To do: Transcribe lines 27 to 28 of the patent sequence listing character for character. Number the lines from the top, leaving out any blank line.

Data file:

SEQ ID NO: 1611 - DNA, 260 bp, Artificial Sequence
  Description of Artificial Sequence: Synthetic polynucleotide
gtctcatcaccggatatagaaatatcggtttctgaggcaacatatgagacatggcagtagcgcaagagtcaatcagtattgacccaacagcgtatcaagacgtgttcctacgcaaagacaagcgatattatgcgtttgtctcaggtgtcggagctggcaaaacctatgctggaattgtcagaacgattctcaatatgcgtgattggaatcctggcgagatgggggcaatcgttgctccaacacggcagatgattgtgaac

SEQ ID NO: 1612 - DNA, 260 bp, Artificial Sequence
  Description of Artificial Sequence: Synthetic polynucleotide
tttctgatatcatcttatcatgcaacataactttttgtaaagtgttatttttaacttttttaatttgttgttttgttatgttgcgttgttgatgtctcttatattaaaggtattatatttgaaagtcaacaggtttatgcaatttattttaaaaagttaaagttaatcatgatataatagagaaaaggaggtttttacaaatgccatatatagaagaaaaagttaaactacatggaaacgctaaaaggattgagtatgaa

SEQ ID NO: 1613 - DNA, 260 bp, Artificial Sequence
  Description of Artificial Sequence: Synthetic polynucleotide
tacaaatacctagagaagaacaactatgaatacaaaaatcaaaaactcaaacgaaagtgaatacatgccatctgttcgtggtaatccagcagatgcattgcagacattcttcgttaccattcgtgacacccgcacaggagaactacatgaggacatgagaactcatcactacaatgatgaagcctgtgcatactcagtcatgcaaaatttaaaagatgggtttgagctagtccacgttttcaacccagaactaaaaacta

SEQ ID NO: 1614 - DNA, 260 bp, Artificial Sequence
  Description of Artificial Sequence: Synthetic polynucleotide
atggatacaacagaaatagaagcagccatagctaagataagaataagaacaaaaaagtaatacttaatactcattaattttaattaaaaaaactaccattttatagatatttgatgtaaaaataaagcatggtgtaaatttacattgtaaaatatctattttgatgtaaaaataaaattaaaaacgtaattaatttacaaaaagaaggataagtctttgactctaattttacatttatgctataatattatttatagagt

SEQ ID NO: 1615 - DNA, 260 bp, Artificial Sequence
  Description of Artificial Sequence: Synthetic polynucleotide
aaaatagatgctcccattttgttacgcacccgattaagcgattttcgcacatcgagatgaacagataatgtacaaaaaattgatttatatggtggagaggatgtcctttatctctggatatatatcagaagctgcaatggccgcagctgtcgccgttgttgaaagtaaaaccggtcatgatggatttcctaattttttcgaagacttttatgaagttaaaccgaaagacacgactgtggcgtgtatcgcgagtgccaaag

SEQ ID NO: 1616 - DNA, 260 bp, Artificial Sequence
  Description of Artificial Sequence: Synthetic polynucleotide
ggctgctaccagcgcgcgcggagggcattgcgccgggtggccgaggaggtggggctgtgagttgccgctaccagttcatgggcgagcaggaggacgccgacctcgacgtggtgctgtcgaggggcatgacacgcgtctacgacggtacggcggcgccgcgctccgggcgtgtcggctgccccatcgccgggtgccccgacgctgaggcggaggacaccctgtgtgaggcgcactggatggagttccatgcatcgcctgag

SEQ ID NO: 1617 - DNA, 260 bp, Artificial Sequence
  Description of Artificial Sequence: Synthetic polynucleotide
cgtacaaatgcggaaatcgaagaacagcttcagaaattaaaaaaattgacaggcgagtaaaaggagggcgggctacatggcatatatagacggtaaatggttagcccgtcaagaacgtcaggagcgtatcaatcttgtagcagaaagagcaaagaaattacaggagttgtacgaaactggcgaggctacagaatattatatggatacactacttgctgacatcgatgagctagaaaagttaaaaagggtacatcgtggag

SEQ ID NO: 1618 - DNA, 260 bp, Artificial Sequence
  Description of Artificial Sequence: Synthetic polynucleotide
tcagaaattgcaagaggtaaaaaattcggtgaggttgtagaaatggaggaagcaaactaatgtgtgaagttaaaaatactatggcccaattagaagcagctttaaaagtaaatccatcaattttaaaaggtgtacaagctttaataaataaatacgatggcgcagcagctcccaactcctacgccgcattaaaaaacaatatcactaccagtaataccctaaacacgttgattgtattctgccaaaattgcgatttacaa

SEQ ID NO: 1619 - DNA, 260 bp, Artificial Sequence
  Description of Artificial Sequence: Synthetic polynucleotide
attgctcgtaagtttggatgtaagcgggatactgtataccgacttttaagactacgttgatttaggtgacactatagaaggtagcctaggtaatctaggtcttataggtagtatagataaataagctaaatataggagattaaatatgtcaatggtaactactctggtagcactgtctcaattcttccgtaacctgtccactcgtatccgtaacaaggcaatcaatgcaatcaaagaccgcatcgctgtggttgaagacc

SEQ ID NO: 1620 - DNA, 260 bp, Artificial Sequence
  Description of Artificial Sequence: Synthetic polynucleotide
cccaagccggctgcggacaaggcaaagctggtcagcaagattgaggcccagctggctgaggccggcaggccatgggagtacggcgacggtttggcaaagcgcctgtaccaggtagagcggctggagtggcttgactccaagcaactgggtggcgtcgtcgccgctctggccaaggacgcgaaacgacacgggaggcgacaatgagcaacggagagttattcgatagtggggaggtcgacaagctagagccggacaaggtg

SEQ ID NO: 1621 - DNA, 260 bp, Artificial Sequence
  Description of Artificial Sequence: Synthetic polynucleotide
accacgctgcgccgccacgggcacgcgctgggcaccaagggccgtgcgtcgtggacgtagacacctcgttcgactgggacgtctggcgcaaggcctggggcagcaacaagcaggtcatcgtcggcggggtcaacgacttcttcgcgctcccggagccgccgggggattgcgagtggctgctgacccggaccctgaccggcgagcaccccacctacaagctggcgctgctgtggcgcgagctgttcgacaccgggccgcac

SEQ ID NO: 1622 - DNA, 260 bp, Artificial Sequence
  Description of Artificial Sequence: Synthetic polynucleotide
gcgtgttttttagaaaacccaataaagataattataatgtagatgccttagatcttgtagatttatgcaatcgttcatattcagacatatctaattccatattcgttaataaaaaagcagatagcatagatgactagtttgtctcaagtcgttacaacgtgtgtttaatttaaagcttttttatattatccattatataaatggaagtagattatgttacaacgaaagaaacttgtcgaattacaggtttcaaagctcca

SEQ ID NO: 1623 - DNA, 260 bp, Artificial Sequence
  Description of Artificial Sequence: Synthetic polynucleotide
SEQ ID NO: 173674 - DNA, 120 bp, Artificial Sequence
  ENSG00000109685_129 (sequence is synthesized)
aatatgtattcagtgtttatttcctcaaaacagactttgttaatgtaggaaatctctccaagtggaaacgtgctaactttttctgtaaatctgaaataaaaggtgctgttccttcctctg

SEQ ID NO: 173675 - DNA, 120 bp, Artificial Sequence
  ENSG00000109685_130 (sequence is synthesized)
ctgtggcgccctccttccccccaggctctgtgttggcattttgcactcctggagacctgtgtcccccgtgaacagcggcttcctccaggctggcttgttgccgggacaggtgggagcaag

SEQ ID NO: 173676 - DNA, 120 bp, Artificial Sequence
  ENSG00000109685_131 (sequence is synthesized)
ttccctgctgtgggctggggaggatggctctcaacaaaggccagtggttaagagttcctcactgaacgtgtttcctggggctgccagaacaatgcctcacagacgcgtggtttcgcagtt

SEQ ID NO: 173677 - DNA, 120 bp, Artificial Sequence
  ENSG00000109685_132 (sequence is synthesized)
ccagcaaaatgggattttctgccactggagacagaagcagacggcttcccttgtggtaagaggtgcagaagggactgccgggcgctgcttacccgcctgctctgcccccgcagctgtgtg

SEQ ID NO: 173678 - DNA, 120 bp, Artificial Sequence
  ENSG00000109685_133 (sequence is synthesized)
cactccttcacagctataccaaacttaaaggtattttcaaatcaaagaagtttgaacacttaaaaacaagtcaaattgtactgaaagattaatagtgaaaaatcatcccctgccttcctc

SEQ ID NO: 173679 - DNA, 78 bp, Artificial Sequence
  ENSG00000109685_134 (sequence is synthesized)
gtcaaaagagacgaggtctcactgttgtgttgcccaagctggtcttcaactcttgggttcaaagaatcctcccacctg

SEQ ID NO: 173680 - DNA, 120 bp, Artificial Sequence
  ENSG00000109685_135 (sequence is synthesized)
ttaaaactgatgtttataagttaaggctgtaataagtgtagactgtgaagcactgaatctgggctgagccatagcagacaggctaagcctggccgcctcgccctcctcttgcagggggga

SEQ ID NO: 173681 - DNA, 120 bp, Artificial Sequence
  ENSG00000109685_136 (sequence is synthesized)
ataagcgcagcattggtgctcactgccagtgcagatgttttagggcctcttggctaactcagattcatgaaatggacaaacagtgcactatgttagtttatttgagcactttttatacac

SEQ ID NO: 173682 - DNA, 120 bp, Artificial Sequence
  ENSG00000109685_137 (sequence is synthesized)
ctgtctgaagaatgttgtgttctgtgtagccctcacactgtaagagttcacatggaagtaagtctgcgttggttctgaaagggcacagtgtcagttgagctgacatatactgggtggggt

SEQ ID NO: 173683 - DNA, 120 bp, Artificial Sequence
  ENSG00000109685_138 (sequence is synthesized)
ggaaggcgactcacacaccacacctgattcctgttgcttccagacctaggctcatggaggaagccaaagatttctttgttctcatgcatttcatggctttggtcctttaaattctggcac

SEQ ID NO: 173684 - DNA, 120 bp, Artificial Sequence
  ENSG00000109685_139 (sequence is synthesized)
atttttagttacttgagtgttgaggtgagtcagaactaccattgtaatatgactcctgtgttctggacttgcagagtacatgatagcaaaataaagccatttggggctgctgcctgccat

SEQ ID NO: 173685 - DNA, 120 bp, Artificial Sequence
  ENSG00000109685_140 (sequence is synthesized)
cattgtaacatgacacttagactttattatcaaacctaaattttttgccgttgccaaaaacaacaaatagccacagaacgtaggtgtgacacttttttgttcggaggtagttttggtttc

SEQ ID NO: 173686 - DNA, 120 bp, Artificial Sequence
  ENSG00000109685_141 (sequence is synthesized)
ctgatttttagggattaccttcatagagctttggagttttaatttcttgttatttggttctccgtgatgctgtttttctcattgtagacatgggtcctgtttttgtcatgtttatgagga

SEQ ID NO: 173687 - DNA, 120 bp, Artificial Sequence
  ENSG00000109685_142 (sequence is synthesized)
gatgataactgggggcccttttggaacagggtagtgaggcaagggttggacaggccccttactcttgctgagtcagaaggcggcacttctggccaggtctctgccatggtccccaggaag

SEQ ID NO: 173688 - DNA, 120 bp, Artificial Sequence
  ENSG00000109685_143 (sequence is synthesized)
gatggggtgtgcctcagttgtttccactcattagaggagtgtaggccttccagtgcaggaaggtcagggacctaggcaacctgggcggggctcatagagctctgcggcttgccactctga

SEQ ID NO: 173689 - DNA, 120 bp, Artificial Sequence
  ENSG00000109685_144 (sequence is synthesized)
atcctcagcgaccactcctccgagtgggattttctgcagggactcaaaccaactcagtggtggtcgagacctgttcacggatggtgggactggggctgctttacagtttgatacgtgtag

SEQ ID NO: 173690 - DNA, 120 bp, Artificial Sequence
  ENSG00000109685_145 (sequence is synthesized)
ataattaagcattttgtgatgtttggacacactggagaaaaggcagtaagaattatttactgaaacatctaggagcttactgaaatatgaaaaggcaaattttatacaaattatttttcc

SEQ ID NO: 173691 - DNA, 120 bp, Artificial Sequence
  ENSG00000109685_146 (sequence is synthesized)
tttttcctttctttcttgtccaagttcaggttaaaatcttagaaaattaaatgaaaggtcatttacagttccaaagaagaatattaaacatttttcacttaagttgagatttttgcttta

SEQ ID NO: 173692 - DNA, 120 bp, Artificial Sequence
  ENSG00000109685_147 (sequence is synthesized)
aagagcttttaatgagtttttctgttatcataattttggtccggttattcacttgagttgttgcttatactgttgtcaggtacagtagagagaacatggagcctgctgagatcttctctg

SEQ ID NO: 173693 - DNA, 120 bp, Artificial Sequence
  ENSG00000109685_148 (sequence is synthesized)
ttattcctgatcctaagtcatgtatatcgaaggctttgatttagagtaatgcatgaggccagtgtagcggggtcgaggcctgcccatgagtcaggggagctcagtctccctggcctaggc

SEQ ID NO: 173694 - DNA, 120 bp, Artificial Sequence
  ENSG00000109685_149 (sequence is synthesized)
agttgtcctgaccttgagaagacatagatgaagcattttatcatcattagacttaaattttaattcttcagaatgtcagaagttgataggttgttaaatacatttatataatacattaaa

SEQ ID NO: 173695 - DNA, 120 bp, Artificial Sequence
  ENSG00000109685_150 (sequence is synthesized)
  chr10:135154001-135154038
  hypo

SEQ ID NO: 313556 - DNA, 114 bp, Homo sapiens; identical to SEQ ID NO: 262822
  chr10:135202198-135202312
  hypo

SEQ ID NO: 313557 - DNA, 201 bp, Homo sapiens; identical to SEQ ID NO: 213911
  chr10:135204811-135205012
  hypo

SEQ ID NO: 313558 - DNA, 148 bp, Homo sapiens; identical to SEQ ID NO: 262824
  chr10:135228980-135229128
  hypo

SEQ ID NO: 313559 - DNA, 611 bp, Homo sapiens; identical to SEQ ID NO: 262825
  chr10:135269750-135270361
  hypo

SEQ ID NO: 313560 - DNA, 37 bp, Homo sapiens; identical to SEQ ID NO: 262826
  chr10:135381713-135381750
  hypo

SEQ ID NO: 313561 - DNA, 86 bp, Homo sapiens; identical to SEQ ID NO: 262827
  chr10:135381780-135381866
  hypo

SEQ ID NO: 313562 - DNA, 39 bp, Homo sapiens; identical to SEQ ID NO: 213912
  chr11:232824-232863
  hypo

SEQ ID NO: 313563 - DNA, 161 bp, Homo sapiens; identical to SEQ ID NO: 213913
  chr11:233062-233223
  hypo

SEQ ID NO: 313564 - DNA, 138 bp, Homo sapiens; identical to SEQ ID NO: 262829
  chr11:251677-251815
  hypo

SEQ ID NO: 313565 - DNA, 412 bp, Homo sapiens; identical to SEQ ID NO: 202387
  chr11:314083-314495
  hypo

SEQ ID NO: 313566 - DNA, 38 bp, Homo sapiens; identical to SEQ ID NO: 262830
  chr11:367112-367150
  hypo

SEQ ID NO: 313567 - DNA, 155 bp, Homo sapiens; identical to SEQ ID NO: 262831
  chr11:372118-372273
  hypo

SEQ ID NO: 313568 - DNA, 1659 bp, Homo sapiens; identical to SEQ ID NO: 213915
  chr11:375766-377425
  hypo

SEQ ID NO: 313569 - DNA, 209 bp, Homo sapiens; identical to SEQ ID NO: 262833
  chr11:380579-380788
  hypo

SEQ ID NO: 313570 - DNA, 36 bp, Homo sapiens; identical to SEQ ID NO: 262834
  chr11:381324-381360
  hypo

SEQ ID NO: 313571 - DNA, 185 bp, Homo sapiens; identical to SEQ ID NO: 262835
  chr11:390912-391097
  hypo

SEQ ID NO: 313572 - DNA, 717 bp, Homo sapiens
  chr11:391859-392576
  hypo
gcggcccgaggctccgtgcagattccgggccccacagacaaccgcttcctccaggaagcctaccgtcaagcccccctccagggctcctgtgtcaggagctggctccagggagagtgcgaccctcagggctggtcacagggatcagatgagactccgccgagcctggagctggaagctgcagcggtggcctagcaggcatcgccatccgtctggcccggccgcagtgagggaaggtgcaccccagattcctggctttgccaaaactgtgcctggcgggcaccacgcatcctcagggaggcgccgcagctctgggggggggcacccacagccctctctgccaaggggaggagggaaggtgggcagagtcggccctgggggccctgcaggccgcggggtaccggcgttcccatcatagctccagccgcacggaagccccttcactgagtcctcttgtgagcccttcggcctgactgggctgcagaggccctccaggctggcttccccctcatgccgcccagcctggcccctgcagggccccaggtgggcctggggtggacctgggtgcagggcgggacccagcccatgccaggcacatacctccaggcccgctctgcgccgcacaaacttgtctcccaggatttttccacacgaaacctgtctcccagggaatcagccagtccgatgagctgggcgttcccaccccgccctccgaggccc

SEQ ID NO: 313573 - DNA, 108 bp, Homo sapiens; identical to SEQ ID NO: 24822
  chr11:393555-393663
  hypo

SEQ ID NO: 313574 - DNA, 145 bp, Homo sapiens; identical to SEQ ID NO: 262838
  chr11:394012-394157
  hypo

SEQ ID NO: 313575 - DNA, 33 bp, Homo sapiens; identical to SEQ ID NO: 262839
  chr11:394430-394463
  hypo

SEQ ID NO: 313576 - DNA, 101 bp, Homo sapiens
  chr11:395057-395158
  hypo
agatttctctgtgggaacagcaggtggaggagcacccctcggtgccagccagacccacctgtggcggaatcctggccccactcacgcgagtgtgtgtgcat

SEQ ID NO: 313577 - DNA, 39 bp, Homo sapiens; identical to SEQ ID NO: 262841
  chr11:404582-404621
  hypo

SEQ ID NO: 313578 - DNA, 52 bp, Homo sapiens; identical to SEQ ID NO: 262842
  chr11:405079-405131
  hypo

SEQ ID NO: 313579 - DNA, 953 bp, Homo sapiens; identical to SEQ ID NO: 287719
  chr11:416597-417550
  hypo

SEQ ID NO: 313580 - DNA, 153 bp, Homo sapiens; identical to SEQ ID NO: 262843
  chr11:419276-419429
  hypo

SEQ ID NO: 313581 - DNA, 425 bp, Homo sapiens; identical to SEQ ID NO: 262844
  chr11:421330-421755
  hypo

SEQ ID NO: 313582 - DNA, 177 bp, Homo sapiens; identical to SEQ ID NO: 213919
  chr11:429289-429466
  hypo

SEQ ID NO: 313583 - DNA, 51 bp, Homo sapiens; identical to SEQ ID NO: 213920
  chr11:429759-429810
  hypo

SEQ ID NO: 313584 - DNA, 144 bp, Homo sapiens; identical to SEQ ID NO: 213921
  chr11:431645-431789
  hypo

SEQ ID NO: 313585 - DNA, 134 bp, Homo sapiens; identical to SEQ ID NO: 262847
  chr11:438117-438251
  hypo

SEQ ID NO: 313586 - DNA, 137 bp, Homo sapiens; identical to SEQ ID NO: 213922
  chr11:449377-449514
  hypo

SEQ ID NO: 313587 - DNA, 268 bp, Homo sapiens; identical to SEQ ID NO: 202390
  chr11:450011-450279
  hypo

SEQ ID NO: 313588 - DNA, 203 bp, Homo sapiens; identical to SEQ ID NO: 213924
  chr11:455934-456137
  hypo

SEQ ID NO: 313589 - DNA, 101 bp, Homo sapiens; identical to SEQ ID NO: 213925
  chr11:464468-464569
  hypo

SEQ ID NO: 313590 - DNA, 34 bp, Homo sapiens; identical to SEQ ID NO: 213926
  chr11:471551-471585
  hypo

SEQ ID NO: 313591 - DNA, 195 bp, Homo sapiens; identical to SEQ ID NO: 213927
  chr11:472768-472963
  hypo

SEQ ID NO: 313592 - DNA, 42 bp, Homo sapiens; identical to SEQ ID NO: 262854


attgctcgtaagtttggatgtaagcgggatactgtataccgacttttaagactacgttgatttaggtgacactatagaaggtagcctaggtaatctaggtcttataggtagtatagataaataagctaaatataggagattaaatatgtcaatggtaactactctggtagcactgtctcaattcttccgtaacctgtccactcgtatccgtaacaaggcaatcaatgcaatcaaagaccgcatcgctgtggttgaagacc

SEQ ID NO: 1620 - DNA, 260 bp, Artificial Sequence